The question is what will Trump do in pursuit of a deal? At some point, the interests of Israelis in living within secure borders and without an internationally protected staging area for its enemies to launch invasions directly into its heart may come into conflict with the cause of obtaining “peace.” When that happens, where will Trump land?
The biggest near-term threat to Israel is nuclear annihilation by Iranian missiles. One dirty warhead launched into the heart of Tel Aviv is all it will take to destroy Israel. Iran is a big country. Even with Israel’s guaranteed nuclear response, Iran wins and Israel ceases to exist. This isn’t a negotiating point, it’s a strategic fact. The only option Israel has is to prevent Iran from ever getting the chance to execute this plan.
In 1981, Israeli F-16 pilots destroyed Saddam Hussein’s Osirak reactor. In the early 2000’s, the U.S., probably with Israel’s help, deployed Stuxnet, which wreaked havoc on Iran’s nuclear uranium enrichment facilities. Following that, the Obama administration negotiated the Iran nuclear deal with the P6+1.
Now Trump’s administration, in its required statement to the UN’s International Atomic Energy Agency’s Board of Governors, has adopted language identical to the Obama administration.
“The United States will approach questions of JCPOA interpretation, implementation, and enforcement with great strictness indeed,” the statement to the International Atomic Energy Agency’s (IAEA) 35-nation board said, citing the deal’s full name: the Joint Comprehensive Plan of Action.
So much for tearing up “the worst deal ever negotiated.”
As bad as Obama was in dealing with Israel–which was mostly a personal vendetta against Netanyahu, who he despised–the former president supported Israel’s defense. In 2014, Obama approved $225 million to fund the expansion of Israel’s Iron Dome system, after previous rounds of funding for the system’s initial development.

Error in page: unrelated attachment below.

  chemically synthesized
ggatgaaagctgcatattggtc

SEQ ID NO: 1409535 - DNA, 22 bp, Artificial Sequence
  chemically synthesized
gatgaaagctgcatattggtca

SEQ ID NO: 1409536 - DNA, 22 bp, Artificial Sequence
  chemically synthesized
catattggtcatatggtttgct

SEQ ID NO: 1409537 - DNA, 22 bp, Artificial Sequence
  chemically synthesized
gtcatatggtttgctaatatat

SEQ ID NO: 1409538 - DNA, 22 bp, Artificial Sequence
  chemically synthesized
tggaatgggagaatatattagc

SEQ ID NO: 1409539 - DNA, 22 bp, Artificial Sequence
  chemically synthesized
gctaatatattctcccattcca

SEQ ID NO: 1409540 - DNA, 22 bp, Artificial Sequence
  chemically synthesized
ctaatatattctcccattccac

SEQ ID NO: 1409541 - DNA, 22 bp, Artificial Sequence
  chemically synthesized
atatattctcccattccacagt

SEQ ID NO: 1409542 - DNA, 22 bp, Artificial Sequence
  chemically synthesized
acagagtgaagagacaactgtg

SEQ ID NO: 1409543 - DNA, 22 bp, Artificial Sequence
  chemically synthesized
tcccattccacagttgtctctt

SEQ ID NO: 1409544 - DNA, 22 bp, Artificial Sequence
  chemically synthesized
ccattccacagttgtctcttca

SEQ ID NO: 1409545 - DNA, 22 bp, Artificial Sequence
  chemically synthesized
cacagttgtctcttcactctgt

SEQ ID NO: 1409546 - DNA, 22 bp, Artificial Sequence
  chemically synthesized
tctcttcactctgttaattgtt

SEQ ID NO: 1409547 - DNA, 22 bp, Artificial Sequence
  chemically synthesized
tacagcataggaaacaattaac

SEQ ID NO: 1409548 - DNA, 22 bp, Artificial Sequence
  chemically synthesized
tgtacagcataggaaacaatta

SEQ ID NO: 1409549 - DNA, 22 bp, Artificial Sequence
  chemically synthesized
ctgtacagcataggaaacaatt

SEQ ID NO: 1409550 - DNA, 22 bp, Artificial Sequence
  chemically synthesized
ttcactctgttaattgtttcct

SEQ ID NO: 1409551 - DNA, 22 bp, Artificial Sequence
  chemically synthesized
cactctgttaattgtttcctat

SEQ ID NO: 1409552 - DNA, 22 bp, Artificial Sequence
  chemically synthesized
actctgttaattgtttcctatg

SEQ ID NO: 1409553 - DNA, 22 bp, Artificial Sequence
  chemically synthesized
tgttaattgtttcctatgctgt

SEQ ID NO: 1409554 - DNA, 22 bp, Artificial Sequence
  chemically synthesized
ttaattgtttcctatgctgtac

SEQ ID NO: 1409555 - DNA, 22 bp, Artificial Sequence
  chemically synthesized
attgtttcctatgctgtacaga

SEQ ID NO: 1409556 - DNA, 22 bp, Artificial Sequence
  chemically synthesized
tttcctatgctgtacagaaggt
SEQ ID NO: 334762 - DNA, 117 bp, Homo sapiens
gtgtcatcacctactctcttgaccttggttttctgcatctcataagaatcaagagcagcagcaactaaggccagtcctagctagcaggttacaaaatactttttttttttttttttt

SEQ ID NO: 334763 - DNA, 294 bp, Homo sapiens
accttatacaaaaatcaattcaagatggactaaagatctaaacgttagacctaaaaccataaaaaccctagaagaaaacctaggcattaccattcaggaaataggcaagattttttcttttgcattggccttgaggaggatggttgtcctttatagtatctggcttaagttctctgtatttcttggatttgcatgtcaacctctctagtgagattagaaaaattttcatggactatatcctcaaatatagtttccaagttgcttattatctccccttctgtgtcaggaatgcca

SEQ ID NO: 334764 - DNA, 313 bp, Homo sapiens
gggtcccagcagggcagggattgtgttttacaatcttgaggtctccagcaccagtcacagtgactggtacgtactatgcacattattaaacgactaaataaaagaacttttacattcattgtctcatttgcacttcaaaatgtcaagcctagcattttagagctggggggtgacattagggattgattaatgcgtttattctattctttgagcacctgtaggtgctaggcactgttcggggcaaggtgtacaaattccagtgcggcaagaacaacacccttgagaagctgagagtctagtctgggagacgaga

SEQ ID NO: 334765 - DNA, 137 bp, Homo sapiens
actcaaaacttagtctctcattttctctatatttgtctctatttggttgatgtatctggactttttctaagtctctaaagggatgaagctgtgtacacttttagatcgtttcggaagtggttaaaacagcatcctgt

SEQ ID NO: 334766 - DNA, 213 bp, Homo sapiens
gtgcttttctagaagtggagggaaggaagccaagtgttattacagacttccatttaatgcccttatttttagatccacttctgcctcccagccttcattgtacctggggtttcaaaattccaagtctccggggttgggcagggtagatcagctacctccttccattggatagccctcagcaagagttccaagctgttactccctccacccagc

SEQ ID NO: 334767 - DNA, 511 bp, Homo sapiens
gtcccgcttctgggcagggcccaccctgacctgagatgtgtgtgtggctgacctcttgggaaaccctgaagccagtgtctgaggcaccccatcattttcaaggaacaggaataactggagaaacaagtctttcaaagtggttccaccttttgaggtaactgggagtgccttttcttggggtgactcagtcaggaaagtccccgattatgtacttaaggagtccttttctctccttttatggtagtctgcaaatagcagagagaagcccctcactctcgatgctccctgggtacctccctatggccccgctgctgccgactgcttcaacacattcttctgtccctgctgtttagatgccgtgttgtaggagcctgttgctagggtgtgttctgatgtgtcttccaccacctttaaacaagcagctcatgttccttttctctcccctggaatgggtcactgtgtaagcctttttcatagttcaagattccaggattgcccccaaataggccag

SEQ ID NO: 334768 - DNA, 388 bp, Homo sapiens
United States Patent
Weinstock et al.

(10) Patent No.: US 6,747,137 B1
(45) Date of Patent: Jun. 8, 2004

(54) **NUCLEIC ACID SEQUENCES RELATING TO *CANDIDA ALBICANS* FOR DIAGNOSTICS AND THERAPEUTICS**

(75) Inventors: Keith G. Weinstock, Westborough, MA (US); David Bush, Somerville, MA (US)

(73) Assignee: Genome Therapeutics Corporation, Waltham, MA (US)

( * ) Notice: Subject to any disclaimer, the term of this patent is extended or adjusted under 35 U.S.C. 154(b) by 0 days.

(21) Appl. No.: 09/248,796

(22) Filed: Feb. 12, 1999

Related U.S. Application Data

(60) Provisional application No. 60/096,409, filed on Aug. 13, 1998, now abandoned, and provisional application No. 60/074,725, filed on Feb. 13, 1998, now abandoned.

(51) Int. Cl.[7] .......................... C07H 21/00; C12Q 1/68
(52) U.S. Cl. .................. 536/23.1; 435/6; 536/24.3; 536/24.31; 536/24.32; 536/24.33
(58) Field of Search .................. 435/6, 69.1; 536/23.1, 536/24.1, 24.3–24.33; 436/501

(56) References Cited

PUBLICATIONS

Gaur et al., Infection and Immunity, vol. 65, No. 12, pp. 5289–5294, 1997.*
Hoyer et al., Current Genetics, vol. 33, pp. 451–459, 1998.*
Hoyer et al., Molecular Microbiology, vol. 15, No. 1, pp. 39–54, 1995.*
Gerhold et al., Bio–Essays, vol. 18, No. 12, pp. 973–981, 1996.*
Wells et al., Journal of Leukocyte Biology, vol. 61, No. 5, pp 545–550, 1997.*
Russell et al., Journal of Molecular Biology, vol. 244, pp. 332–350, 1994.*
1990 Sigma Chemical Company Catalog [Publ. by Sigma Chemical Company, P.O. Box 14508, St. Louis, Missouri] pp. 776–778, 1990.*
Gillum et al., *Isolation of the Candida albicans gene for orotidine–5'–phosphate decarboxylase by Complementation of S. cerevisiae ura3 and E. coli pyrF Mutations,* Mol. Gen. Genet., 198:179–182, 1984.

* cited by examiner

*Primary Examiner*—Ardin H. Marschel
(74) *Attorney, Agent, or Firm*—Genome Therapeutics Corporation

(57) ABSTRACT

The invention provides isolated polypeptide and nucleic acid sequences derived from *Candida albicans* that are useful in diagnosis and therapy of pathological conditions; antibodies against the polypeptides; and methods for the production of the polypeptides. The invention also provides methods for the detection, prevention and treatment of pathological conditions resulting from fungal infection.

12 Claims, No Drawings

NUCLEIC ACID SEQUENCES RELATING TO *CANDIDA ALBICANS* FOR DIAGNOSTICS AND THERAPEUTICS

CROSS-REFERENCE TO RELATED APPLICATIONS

In the end, Obama, despite the mutual antipathy with the Israeli PM, continued every policy of military cooperation and funding for Israel, even going beyond former President George W. Bush. Only at the very end did Obama’s petty, parting shot find its mark in the anti-Israel UN.
Sure, Trump’s position in the UN, and his absolutely terrific UN Ambassador Nikki Haley, are much friendlier to Israel than the Obama-Kerry cold shoulder. But, really, the UN is a dog with very little bite, unless the U.S., Russia, or China decide to do something. The UN is basically window dressing, while the pressing issues of Israeli security require dealing with details.
Trump talks the talk well enough on Israel and the fate of Jews worldwide, but so far, he’s very far from walking the walk. Continuing Obama’s Israel and Iran policies might not make him more of an enemy within liberal Jewish political groups (most of whom hate him simply because he breathes air), but it doesn’t necessarily make him Israel’s friend either.
The jury is still out on that question. There are still many opportunities for Trump to keep his promises, but I think he’s more interested in deals than promises.